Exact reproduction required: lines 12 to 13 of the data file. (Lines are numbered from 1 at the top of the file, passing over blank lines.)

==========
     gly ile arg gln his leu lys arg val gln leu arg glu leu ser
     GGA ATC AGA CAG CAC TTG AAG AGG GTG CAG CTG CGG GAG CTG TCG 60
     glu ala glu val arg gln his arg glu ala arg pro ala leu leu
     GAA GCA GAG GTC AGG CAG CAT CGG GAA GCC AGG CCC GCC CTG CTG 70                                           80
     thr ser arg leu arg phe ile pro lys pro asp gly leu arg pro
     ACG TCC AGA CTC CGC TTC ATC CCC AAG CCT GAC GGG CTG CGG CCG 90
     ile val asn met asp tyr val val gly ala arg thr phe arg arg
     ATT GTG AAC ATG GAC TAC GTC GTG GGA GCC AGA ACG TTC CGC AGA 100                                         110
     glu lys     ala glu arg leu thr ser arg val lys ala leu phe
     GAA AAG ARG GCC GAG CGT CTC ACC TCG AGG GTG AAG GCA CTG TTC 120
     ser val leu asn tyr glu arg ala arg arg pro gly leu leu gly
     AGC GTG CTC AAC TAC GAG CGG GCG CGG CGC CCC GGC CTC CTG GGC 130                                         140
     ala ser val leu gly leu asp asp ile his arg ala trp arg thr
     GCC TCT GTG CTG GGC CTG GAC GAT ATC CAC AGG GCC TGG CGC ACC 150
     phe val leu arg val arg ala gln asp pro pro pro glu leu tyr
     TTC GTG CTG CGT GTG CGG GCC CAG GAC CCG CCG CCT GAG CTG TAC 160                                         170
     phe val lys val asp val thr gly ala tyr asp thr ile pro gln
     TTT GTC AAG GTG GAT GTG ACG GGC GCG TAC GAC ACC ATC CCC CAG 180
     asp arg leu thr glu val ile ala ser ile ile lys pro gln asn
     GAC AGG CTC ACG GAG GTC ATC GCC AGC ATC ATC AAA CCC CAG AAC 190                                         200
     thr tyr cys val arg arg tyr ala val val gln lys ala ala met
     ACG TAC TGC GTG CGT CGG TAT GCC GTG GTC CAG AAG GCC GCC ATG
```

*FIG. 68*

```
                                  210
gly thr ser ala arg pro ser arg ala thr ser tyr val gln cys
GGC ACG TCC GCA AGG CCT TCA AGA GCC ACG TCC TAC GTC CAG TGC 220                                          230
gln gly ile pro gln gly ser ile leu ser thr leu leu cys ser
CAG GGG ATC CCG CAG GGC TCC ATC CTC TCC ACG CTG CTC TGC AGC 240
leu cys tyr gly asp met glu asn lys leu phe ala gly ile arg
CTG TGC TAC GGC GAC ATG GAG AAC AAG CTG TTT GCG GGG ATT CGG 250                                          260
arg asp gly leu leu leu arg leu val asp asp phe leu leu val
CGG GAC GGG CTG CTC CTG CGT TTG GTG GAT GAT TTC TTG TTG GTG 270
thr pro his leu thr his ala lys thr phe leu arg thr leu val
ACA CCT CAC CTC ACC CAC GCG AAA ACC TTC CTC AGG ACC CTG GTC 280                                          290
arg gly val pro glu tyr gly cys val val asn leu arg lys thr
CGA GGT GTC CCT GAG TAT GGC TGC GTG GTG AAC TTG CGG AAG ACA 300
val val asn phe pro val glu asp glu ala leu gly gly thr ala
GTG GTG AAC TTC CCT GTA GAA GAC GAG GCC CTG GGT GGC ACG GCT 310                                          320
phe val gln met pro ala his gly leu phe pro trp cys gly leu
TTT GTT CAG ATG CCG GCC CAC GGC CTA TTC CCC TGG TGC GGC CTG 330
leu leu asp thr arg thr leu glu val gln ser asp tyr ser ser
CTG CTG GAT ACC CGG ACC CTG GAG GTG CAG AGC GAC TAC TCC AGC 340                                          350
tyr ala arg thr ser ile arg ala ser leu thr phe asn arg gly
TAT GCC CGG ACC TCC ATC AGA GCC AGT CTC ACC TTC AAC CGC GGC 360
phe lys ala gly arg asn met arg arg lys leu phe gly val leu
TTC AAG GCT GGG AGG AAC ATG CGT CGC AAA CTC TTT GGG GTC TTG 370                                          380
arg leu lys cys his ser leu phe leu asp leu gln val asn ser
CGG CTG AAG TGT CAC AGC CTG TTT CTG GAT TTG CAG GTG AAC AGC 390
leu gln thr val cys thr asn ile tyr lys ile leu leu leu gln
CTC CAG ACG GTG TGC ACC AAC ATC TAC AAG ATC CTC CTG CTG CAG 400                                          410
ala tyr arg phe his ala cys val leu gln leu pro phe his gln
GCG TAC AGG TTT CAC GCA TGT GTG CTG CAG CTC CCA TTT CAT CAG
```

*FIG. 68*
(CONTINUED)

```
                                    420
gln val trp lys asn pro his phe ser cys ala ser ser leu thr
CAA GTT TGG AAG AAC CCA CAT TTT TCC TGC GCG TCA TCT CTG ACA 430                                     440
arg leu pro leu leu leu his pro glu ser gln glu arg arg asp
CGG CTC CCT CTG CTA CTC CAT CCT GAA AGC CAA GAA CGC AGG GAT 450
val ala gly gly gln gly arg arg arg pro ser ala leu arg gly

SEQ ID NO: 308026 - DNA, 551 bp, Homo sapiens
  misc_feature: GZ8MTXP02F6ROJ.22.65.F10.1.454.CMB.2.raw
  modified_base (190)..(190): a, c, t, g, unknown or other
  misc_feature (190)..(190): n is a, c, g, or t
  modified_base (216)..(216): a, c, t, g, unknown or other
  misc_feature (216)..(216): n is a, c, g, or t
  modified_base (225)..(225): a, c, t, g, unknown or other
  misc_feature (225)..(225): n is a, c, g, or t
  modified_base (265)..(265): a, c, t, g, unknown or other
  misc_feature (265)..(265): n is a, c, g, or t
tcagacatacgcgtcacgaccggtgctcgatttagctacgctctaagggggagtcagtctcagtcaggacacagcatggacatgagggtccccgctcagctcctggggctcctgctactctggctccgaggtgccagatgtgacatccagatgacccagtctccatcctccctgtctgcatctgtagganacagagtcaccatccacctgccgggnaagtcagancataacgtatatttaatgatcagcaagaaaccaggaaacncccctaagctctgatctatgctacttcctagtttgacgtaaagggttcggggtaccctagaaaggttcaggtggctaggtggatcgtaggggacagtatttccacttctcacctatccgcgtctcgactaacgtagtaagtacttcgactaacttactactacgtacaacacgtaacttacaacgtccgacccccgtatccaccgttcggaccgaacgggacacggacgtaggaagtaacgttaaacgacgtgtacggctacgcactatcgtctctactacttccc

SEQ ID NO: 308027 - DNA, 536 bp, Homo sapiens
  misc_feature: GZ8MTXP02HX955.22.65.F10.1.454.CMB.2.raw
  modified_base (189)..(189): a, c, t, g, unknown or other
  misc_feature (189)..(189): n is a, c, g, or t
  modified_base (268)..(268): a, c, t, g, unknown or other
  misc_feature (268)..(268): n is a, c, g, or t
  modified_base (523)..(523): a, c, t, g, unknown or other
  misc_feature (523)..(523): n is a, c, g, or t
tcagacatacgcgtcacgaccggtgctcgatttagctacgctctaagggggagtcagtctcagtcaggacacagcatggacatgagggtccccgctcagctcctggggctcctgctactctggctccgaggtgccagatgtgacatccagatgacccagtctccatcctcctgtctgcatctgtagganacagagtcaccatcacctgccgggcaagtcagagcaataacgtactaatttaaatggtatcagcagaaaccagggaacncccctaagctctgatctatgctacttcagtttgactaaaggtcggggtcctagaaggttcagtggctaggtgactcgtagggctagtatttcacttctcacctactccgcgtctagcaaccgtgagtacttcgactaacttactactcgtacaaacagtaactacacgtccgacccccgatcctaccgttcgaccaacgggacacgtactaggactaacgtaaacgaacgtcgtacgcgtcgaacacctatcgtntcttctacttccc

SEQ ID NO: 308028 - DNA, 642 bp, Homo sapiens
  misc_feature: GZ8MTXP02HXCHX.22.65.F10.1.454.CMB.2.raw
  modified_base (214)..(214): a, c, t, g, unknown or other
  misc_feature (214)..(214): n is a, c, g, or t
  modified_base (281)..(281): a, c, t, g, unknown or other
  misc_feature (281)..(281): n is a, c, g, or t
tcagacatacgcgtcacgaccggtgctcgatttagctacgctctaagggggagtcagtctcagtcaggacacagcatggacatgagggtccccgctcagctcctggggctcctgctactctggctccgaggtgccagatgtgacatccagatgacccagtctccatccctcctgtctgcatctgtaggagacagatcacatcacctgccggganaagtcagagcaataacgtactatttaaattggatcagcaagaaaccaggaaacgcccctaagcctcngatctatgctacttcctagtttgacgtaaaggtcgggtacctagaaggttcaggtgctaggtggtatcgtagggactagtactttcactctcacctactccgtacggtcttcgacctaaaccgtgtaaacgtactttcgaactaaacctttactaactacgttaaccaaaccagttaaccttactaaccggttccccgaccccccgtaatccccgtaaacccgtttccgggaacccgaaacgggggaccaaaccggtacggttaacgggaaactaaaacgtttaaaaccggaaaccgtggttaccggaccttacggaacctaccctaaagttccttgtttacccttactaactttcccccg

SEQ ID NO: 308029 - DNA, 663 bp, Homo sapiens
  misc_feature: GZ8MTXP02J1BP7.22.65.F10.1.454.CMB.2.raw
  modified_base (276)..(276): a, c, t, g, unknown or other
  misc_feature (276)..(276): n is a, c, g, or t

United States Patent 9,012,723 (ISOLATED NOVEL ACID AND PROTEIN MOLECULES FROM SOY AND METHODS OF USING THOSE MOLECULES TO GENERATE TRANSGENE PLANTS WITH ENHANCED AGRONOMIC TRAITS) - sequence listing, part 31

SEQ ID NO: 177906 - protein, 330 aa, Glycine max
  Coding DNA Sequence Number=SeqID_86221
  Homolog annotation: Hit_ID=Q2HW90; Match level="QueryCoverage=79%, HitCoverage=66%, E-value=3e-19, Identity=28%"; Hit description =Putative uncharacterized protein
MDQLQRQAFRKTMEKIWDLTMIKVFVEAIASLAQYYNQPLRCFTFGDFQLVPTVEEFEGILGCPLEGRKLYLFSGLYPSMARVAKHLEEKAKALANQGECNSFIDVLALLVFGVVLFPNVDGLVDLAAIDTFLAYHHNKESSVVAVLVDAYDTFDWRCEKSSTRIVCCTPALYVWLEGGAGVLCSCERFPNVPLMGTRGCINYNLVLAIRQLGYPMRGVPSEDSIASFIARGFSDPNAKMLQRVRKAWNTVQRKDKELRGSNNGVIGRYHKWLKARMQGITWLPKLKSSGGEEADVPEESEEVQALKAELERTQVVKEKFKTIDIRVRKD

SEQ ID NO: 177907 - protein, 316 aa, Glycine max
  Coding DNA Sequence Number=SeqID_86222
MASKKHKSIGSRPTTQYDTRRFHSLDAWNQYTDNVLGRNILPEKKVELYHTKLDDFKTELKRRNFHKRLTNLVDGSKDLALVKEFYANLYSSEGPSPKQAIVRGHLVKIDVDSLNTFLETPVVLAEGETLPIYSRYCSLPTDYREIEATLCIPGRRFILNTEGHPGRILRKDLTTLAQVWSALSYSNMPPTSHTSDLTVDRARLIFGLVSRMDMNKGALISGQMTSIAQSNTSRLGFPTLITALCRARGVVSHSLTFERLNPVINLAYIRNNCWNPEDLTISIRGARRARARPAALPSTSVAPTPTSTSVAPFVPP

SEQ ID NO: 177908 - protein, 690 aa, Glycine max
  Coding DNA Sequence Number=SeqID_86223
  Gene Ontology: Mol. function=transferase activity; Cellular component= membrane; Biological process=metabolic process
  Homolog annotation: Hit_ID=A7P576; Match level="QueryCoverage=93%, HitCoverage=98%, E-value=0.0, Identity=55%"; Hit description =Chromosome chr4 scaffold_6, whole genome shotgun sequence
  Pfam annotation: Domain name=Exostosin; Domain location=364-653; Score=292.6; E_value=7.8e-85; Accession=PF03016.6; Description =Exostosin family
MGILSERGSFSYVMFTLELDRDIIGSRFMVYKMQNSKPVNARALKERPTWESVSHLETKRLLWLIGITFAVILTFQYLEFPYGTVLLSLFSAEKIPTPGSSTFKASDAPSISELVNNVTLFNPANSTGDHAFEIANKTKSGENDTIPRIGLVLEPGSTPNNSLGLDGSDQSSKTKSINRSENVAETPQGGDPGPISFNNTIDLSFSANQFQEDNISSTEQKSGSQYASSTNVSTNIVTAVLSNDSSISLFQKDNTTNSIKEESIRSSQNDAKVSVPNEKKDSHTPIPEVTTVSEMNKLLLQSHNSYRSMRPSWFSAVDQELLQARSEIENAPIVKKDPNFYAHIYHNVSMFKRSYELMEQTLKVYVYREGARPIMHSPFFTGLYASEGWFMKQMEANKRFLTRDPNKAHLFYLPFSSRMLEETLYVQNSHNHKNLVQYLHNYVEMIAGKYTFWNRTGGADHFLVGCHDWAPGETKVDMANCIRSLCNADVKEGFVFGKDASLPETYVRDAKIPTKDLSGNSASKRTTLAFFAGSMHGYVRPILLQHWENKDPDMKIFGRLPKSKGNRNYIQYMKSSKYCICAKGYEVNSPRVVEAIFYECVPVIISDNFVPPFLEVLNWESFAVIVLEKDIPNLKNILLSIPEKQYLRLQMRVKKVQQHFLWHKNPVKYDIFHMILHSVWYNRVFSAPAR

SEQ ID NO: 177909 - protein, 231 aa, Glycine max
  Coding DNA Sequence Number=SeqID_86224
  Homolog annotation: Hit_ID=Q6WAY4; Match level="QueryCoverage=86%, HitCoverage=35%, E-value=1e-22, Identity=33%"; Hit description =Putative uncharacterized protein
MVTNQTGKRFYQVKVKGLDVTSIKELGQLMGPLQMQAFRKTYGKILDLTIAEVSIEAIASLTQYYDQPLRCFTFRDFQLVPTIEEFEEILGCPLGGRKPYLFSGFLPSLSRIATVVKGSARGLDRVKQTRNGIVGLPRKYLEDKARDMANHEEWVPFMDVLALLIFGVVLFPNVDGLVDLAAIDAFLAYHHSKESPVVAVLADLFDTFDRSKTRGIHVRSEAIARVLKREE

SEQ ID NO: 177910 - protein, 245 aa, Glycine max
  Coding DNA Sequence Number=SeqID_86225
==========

     AGC GTG CTC AAC TAC GAG CGG GCG CGG CGC CCC GGC CTC CTG GGC 130                                         140
     ala ser val leu gly leu asp asp ile his arg ala trp arg thr